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What To Expect From ACDF Surgery

Does your neck hurt? You’re not alone. Up to 50% of Americans suffer neck pain annually, and for some, that pain lasts for weeks, months, or longer.

Chronic neck pain can feel like stiffness, aching, tingling, burning, and more. Pain may start in your neck, but radiate out to your arms or upper back - and untreated neck pain can limit your quality of life.

If these symptoms sound familiar, you could have a condition like a cervical herniated disc or bone spurs. George Kakoulides, MD specializes in minimally invasive spine surgery, and our team is here to help you find relief. When conservative treatment isn’t enough for your neck pain, it might be time to consider anterior cervical discectomy and fusion (ACDF) surgery.

The benefits of ACDF surgery

Neck pain is common, and there are lots of conservative treatment options to address that pain, stiffness, and tingling. Anti-inflammatory medication, physical therapy, and other treatments can make a difference for some people, but they’re not always enough.

ACDF is a minimally invasive spine surgery to treat a variety of conditions affecting the cervical spine. It involves removing damaged portions of your spinal disc and reinforcing your cervical spine for lasting pain relief.

Dr. Kakoulides may recommend ACDF surgery to treat a cervical herniated disc or degenerative disc disease. If you have bone spurs from arthritis or cervical spinal stenosis, ACDF could also be a treatment option for you.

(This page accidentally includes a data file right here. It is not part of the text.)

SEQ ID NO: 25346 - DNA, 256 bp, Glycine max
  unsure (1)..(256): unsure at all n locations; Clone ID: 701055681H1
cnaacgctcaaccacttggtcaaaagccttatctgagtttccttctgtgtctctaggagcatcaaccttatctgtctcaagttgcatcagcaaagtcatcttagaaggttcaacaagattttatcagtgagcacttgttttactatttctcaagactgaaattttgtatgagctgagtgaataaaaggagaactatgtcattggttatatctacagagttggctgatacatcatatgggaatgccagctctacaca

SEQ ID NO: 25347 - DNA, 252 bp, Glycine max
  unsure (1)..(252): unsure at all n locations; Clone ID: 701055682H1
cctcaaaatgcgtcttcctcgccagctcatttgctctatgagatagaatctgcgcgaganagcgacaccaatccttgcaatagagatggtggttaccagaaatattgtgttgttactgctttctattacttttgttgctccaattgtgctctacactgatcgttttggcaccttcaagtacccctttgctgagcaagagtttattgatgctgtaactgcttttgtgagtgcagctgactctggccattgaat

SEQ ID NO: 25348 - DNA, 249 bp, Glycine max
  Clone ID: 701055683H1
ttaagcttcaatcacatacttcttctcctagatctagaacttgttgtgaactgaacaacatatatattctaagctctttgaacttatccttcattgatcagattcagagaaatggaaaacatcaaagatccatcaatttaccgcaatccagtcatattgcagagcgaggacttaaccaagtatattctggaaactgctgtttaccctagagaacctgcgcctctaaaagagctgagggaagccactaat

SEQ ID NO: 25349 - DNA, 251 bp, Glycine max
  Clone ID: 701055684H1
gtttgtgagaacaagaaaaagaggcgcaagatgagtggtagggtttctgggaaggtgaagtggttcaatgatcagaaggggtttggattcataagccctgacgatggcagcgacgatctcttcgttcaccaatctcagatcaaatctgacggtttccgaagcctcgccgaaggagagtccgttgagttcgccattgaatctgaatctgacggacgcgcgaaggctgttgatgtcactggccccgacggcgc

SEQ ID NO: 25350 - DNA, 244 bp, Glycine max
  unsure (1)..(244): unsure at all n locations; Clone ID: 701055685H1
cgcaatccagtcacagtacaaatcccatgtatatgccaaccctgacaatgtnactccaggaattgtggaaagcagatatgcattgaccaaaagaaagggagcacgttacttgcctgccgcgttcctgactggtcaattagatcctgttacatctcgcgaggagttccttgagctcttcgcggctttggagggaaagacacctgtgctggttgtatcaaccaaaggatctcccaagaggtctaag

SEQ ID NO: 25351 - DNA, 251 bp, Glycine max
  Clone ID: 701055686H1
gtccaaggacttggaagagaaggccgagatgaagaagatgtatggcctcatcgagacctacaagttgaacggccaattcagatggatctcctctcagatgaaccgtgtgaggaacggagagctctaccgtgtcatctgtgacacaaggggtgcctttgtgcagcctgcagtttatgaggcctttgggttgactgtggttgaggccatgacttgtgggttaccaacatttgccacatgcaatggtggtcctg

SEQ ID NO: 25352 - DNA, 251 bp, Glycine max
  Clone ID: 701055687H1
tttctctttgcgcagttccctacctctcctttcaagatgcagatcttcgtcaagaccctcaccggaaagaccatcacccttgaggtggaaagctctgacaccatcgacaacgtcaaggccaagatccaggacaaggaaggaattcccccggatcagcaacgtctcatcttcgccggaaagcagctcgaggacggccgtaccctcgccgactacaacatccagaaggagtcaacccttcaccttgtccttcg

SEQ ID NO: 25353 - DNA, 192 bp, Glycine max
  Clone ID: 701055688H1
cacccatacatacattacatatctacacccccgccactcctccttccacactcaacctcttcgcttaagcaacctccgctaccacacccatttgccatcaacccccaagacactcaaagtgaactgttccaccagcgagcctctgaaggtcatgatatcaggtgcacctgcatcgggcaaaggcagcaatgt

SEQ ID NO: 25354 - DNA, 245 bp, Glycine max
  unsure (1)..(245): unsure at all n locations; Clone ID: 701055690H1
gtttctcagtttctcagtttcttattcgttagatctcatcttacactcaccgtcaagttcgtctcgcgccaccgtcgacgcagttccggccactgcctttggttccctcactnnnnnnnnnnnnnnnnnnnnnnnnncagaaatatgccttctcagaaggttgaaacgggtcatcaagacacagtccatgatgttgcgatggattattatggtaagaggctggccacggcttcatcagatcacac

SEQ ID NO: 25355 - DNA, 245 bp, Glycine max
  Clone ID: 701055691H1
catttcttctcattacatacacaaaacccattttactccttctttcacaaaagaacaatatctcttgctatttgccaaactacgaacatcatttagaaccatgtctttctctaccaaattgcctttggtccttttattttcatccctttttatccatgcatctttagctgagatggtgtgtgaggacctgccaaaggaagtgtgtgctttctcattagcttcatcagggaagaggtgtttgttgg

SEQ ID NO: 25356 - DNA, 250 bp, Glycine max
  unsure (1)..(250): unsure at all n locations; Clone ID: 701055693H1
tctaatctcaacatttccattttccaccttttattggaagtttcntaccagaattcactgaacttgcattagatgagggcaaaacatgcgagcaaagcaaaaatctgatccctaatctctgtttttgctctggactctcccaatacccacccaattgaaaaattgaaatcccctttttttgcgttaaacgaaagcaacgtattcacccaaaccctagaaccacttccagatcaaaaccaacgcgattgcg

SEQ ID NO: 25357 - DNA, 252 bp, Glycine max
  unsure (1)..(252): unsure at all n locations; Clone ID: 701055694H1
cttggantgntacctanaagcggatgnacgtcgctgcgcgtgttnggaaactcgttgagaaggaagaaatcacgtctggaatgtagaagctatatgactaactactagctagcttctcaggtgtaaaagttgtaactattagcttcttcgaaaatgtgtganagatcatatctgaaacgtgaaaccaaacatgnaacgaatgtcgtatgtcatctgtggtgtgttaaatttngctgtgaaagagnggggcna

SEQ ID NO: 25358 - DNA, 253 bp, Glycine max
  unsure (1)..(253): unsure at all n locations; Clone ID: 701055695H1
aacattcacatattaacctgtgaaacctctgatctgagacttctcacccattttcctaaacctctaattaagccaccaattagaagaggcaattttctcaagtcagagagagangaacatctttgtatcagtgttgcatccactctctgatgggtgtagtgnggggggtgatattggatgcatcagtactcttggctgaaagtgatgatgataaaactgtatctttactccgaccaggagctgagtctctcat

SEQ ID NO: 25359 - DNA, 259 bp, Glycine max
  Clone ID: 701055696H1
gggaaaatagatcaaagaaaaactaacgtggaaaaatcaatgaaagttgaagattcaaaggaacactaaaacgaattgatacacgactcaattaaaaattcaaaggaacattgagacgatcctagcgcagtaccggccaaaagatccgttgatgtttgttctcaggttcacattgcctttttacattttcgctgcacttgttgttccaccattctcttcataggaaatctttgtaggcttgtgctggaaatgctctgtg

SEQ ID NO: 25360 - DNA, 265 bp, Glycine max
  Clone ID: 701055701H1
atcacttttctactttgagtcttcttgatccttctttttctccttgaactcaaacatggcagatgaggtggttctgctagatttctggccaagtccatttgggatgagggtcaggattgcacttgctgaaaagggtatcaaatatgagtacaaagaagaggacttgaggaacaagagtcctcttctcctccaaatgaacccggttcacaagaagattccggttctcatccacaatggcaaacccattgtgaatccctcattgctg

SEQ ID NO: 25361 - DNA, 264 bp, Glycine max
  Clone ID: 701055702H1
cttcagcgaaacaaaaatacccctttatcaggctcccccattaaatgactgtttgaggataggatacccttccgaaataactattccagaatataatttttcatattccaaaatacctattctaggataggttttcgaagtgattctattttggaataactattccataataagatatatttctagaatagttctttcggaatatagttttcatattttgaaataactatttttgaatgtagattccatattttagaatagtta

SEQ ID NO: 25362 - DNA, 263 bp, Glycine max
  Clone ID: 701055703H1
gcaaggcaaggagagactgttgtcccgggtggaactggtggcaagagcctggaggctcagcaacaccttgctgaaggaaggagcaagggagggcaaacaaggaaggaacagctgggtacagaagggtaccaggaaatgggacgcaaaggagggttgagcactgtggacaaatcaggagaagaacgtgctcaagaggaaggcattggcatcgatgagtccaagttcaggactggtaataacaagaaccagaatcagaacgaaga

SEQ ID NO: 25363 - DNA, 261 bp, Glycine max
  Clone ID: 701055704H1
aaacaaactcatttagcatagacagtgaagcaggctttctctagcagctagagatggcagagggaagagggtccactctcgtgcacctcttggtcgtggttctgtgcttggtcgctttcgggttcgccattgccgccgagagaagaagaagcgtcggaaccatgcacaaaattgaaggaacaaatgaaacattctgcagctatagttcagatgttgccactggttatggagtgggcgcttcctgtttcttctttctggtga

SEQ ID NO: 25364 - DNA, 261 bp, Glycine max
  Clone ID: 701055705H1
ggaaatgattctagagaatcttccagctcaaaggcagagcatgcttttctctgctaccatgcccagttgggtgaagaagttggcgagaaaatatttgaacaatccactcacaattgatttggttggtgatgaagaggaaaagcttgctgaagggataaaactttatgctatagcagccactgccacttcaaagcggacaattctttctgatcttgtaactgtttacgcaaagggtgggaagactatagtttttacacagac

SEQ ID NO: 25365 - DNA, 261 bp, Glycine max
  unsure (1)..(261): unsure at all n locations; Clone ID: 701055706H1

What happens during ACDF surgery

On the day of your surgery, we administer general anesthesia and move you to the operating room. Dr. Kakoulides makes a small incision on the front (anterior) of your neck. By taking an anterior approach, he only needs to move one thin muscle to see all the cervical vertebrae in your neck. ACDF is minimally invasive, but Dr. Kakoulides has uncomplicated access to the affected vertebrae. 

In the discectomy portion of the procedure, Dr. Kakoulides removes the damaged disc or bone spurs in your neck. He then moves to the fusion portion, in which he grafts bone between the affected vertebrae. He may add implants, like metal pins or plates, for extra stability in your neck.

He closes your incision with stitches, and you’re moved to a post-operative recovery room. Some people can go home the same day, but others may need to stay in the hospital for a few days for observation.

Recovering from ACDF surgery

Soon after you wake up from surgery, our team encourages you to sit up and start walking around. We may give you a supportive neck collar to wear early in your recovery, and you should avoid sharp head movements.

Once you’re fully healed, you should notice a significant decrease in neck pain and other symptoms. ACDF is a safe, effective procedure for a number of cervical spinal conditions, and up to 93% of people who have ACDF surgery report positive results long-term.

Most people can care for themselves within a few days after ACDF surgery. Light activity is generally safe, but you may need some help around the house for a few days after you come home. 

It’s normal to feel some pain following ACDF surgery. Symptoms can include neck pain, sore throat, hoarseness, and difficulty swallowing. Dr. Kakoulides prescribes pain medication for the first few 2-4 weeks to keep you as comfortable as possible.

Expect to start feeling better as the weeks go on. Most people feel much better 3-4 weeks after surgery, and Dr. Kakoulides and our team maintain contact with you throughout your follow up appointments.

When your neck pain becomes chronic, it’s time to turn to a professional. Schedule a consultation with Dr. Kakoulides to get a diagnosis and treatment plan that’s right for you. Contact us online or call today at 631-358-2589.

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